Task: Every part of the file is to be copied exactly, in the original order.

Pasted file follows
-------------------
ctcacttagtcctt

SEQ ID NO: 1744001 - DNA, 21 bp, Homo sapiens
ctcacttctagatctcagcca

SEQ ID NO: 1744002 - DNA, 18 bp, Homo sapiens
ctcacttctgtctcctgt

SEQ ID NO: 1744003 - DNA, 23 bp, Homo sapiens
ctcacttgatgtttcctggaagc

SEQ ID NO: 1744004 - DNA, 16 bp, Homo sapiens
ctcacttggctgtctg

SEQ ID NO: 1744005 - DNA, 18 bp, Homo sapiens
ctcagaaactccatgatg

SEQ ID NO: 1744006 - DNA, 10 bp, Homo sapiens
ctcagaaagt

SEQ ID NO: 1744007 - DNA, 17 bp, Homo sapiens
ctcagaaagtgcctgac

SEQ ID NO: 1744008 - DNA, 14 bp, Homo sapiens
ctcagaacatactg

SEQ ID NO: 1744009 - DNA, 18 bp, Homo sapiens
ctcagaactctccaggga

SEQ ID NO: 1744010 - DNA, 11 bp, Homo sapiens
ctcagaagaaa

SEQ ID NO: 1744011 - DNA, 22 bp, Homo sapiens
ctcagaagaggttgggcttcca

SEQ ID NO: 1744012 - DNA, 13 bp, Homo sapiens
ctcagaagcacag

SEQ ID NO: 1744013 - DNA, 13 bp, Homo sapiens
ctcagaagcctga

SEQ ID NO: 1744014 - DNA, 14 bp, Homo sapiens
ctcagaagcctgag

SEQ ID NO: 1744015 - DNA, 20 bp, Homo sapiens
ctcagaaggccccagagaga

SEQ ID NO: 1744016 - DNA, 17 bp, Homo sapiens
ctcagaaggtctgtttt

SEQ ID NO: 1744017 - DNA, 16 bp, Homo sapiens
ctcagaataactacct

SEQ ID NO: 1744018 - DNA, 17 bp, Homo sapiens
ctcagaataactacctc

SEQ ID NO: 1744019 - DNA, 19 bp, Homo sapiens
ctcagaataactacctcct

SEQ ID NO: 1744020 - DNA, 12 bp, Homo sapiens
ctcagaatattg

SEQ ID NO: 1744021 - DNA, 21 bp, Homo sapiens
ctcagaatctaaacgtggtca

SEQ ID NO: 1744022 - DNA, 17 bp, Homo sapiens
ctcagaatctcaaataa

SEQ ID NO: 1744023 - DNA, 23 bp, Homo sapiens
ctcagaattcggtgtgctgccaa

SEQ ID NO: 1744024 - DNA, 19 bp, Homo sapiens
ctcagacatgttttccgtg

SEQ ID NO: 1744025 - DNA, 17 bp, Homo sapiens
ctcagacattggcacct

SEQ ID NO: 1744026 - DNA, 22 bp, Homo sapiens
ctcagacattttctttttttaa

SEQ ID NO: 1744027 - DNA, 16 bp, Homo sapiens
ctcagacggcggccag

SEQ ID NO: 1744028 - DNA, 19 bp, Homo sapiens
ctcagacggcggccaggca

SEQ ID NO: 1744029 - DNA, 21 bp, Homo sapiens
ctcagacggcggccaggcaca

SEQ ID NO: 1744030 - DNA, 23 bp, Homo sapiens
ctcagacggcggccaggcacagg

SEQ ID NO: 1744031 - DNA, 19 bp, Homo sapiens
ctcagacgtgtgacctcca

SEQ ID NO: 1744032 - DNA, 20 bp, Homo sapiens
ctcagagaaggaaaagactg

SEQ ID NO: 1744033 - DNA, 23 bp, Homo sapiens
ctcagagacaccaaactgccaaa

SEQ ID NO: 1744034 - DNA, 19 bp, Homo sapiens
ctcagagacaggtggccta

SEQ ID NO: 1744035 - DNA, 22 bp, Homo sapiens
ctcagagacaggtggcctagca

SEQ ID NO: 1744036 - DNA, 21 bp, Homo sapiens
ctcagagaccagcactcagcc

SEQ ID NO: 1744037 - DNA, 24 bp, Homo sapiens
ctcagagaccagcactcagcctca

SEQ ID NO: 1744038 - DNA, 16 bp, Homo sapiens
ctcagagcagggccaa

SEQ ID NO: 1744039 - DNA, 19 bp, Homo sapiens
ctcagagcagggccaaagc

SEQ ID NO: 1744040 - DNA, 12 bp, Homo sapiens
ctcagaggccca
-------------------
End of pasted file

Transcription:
ctcacttagtcctt

SEQ ID NO: 1744001 - DNA, 21 bp, Homo sapiens
ctcacttctagatctcagcca

SEQ ID NO: 1744002 - DNA, 18 bp, Homo sapiens
ctcacttctgtctcctgt

SEQ ID NO: 1744003 - DNA, 23 bp, Homo sapiens
ctcacttgatgtttcctggaagc

SEQ ID NO: 1744004 - DNA, 16 bp, Homo sapiens
ctcacttggctgtctg

SEQ ID NO: 1744005 - DNA, 18 bp, Homo sapiens
ctcagaaactccatgatg

SEQ ID NO: 1744006 - DNA, 10 bp, Homo sapiens
ctcagaaagt

SEQ ID NO: 1744007 - DNA, 17 bp, Homo sapiens
ctcagaaagtgcctgac

SEQ ID NO: 1744008 - DNA, 14 bp, Homo sapiens
ctcagaacatactg

SEQ ID NO: 1744009 - DNA, 18 bp, Homo sapiens
ctcagaactctccaggga

SEQ ID NO: 1744010 - DNA, 11 bp, Homo sapiens
ctcagaagaaa

SEQ ID NO: 1744011 - DNA, 22 bp, Homo sapiens
ctcagaagaggttgggcttcca

SEQ ID NO: 1744012 - DNA, 13 bp, Homo sapiens
ctcagaagcacag

SEQ ID NO: 1744013 - DNA, 13 bp, Homo sapiens
ctcagaagcctga

SEQ ID NO: 1744014 - DNA, 14 bp, Homo sapiens
ctcagaagcctgag

SEQ ID NO: 1744015 - DNA, 20 bp, Homo sapiens
ctcagaaggccccagagaga

SEQ ID NO: 1744016 - DNA, 17 bp, Homo sapiens
ctcagaaggtctgtttt

SEQ ID NO: 1744017 - DNA, 16 bp, Homo sapiens
ctcagaataactacct

SEQ ID NO: 1744018 - DNA, 17 bp, Homo sapiens
ctcagaataactacctc

SEQ ID NO: 1744019 - DNA, 19 bp, Homo sapiens
ctcagaataactacctcct

SEQ ID NO: 1744020 - DNA, 12 bp, Homo sapiens
ctcagaatattg

SEQ ID NO: 1744021 - DNA, 21 bp, Homo sapiens
ctcagaatctaaacgtggtca

SEQ ID NO: 1744022 - DNA, 17 bp, Homo sapiens
ctcagaatctcaaataa

SEQ ID NO: 1744023 - DNA, 23 bp, Homo sapiens
ctcagaattcggtgtgctgccaa

SEQ ID NO: 1744024 - DNA, 19 bp, Homo sapiens
ctcagacatgttttccgtg

SEQ ID NO: 1744025 - DNA, 17 bp, Homo sapiens
ctcagacattggcacct

SEQ ID NO: 1744026 - DNA, 22 bp, Homo sapiens
ctcagacattttctttttttaa

SEQ ID NO: 1744027 - DNA, 16 bp, Homo sapiens
ctcagacggcggccag

SEQ ID NO: 1744028 - DNA, 19 bp, Homo sapiens
ctcagacggcggccaggca

SEQ ID NO: 1744029 - DNA, 21 bp, Homo sapiens
ctcagacggcggccaggcaca

SEQ ID NO: 1744030 - DNA, 23 bp, Homo sapiens
ctcagacggcggccaggcacagg

SEQ ID NO: 1744031 - DNA, 19 bp, Homo sapiens
ctcagacgtgtgacctcca

SEQ ID NO: 1744032 - DNA, 20 bp, Homo sapiens
ctcagagaaggaaaagactg

SEQ ID NO: 1744033 - DNA, 23 bp, Homo sapiens
ctcagagacaccaaactgccaaa

SEQ ID NO: 1744034 - DNA, 19 bp, Homo sapiens
ctcagagacaggtggccta

SEQ ID NO: 1744035 - DNA, 22 bp, Homo sapiens
ctcagagacaggtggcctagca

SEQ ID NO: 1744036 - DNA, 21 bp, Homo sapiens
ctcagagaccagcactcagcc

SEQ ID NO: 1744037 - DNA, 24 bp, Homo sapiens
ctcagagaccagcactcagcctca

SEQ ID NO: 1744038 - DNA, 16 bp, Homo sapiens
ctcagagcagggccaa

SEQ ID NO: 1744039 - DNA, 19 bp, Homo sapiens
ctcagagcagggccaaagc

SEQ ID NO: 1744040 - DNA, 12 bp, Homo sapiens
ctcagaggccca